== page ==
mwe3: Track two on Fly South is “Buckley”. Is that about the late Jeff Buckley? You were saying he was a great guitarist and influence. How did you meet Jeff and how would you describe his musical influence?

Allen Hinds: Well yeah, Jeff was a school mate. We used to play jazz standards every day together, but he really came into his own, as we know, after he left school. So the song morphs from an almost Aerosmith vibe into the jangly type of stuff Jeff would play, but it's more about evolving, changing and not being afraid to.

mwe3: You dedicate track three, “Joni” to Joni Mitchell. You even live near where Joni lived in the Hollywood Hills. Tell us about where you live now and what you like about it and what about Joni inspired you to write “Joni”? What Joni Mitchell albums or songs do you like best?

Allen Hinds: Well, I have owned every Joni album and CD and just worshipped her music and her lyrics. The song was written with one of her tunings... probably David Crosby’s and yeah, the birds you hear at the beginning are from daybreak up here in Laurel Canyon. I live a few blocks from where she first lived with Graham Nash.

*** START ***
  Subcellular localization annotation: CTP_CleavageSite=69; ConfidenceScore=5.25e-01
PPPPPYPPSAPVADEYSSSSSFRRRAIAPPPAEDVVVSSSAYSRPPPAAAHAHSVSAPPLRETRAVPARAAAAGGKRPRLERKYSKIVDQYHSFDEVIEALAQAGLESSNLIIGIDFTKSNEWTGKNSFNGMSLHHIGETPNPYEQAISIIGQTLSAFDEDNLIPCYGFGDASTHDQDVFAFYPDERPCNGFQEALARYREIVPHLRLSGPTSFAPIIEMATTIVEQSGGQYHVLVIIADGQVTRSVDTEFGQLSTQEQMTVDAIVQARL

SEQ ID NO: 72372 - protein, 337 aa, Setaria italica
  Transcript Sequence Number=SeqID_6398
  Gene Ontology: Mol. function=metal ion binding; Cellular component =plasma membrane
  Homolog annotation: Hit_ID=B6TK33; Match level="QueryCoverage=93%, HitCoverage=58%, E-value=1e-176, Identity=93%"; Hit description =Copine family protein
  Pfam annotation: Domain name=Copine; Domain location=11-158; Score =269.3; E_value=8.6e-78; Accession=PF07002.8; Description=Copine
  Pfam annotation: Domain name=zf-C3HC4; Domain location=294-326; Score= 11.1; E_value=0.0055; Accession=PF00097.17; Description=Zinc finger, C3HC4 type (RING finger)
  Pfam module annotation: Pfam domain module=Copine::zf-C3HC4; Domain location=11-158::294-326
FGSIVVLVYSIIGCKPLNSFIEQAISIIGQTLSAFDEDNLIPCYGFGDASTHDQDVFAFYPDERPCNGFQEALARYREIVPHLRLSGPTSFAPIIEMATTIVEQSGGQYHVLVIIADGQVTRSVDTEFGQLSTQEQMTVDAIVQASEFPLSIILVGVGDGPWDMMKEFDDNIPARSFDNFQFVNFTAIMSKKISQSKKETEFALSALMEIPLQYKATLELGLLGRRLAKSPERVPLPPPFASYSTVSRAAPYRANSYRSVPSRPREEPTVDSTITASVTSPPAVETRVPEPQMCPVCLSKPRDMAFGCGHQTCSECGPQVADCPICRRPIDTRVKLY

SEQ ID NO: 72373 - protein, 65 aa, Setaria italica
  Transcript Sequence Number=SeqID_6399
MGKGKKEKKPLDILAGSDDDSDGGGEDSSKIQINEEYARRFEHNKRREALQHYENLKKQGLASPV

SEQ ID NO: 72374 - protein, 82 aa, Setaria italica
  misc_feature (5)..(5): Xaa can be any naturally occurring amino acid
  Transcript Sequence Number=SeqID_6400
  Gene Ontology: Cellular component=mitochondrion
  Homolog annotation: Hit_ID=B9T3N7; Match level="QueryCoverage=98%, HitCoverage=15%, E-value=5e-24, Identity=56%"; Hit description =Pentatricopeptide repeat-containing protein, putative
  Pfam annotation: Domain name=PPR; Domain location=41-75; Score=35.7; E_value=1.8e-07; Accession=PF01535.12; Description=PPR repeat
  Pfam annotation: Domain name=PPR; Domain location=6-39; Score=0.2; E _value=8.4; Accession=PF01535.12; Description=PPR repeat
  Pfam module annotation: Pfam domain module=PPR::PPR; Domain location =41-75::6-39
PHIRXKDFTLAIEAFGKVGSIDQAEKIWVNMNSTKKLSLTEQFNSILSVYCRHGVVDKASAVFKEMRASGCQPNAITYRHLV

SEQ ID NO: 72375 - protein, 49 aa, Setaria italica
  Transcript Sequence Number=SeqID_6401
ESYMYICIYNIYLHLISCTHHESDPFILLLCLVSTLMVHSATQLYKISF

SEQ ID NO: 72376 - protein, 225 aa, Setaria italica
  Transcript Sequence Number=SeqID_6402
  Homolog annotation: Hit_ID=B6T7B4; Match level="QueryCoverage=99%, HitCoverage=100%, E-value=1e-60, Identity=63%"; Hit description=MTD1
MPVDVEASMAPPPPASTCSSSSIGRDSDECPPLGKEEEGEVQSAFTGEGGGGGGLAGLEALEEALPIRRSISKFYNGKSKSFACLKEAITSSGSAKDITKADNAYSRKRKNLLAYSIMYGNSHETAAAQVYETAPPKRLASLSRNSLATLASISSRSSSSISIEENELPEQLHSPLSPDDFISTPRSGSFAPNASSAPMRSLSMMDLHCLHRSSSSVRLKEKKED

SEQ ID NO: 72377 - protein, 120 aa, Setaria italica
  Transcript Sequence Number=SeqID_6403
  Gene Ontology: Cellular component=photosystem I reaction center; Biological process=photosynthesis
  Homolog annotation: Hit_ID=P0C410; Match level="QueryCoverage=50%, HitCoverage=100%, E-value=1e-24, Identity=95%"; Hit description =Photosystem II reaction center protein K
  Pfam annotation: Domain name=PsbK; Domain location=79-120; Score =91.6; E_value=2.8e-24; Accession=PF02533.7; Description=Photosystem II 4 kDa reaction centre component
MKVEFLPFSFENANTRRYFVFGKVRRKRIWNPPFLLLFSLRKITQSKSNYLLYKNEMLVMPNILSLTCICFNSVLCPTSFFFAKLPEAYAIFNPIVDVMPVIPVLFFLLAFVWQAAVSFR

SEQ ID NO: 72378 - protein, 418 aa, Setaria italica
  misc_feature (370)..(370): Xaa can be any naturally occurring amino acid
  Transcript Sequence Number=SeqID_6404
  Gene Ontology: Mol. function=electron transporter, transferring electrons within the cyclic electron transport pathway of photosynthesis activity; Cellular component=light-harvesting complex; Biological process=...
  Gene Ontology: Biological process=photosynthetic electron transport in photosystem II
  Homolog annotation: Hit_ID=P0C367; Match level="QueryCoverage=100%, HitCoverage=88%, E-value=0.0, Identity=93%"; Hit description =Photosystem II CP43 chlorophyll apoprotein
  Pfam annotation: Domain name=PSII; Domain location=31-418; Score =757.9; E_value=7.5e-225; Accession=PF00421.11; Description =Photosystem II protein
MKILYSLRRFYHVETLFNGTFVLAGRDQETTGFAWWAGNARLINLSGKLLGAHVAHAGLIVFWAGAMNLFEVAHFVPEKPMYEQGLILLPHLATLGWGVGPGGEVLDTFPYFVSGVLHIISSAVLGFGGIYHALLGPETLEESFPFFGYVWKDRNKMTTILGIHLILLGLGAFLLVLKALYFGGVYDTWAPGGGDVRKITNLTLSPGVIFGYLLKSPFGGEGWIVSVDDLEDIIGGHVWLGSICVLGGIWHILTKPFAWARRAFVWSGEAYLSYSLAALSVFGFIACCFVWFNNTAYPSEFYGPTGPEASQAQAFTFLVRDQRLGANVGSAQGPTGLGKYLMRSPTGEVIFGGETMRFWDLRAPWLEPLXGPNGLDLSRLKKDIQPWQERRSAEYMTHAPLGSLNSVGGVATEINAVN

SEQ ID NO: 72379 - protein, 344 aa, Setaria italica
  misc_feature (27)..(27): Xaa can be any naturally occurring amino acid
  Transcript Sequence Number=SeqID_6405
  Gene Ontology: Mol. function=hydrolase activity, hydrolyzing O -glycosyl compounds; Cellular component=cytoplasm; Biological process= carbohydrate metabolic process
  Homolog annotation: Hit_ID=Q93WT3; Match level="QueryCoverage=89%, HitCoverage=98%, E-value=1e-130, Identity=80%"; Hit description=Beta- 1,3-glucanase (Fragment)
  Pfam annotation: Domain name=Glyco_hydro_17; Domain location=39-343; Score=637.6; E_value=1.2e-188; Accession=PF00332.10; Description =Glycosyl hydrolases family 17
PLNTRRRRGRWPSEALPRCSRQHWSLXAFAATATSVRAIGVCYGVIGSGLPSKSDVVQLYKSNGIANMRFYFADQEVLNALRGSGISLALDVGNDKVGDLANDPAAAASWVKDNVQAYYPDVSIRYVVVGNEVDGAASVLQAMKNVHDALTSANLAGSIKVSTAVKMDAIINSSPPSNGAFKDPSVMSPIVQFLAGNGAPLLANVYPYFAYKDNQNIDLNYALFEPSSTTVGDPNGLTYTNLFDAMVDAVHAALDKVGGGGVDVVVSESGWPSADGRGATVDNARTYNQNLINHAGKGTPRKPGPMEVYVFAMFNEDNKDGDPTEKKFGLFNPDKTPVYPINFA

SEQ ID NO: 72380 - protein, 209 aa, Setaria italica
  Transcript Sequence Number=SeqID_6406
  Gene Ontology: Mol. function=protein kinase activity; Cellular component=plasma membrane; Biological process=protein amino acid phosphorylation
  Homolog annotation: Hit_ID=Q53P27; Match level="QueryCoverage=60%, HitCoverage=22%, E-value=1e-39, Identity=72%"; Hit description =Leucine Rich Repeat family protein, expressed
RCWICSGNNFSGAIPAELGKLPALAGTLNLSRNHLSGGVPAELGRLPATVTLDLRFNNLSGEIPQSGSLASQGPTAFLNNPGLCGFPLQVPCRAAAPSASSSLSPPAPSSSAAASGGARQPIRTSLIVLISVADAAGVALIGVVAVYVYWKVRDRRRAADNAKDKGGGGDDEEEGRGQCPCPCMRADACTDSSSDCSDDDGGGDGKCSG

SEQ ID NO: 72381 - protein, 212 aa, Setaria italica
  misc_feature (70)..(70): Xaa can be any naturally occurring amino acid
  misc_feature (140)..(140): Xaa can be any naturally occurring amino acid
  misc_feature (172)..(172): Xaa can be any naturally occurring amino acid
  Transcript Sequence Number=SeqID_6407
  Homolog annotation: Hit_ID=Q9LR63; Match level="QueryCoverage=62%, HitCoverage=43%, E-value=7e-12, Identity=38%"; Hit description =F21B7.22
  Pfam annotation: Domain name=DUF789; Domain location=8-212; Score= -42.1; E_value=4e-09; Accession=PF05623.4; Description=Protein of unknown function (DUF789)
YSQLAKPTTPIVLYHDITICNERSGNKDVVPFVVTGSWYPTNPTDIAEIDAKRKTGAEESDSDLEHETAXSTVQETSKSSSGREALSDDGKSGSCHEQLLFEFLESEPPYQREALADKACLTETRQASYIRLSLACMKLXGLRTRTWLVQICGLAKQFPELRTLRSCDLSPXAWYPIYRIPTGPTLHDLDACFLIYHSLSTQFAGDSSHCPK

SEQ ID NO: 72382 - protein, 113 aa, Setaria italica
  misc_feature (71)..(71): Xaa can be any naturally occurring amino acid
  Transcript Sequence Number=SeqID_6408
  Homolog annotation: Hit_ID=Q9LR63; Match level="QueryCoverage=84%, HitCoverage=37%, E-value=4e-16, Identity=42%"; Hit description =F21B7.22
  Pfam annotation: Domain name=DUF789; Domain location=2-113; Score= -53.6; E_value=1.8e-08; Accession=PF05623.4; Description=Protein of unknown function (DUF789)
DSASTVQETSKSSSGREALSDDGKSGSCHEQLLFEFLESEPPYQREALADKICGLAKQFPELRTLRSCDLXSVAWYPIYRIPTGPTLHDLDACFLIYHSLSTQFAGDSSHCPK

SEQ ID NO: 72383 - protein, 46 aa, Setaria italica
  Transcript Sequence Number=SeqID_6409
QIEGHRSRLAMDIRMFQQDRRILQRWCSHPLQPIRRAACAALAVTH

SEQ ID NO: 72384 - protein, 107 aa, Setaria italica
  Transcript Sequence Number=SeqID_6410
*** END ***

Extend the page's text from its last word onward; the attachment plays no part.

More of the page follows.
mwe3: “Yonder Hills” is track four and it’s a great title. Where did you get the title idea from? Is that track a look back to your trademark fusion sound? You were saying how much Vinnie Colaiuta brought to the sound of Fly South.

Allen Hinds: Vinnie is no doubt, a genius, musically... not just a great drummer. He and Jimmy Johnson brought this one to life. When I write I program drums and play bass but after that, when I add the caliber of these guys, well... it’s mind boggling for sure. I’m not sure where that title came from.

mwe3: “Heartfell” is a more acoustic-based track. Did you plan on slowing things down on track five as it ends the first side of the album? If there is a vinyl version that is...

Allen Hinds: I actually wish I had put the songs in a different order. If you listen to the first two songs you would get the impression the whole CD is only “fusion”. “Heartfell” was just me and my acoustic again. No plans on a vinyl edition as of now.

mwe3: Track six is “Little White Lies”. What guitars are you using on that track and how many guitar tracks are on “Little White Lies”?

Allen Hinds: I have a 1965 Martin 000-28, that is absolutely great. I’m not sure how many guitar tracks. I layer in lieu of not being able to play keyboards.

mwe3: Track seven “Boo’s Folly” is one of the funkier tracks on the Fly South album. Did you add that one in to bring some humor or lightheartedness to the album? Do you like to add some humor in your music?

Allen Hinds: I wrote that at four in the morning before the session with Vinnie. Just my 1956 Strat. Maybe a little verb and delay only. It’s a funny song and I thought of my cat “Boo”.

mwe3: Track eight, “Old Mill Pond” is also kind of acoustic-based, yet it also has a kind of trademark Hinds sound on it. Where is the old mill pond and what inspired that track? Is there a kind of nostalgic air on “Old Mill Pond”? For some reason it sounds like childhood's end…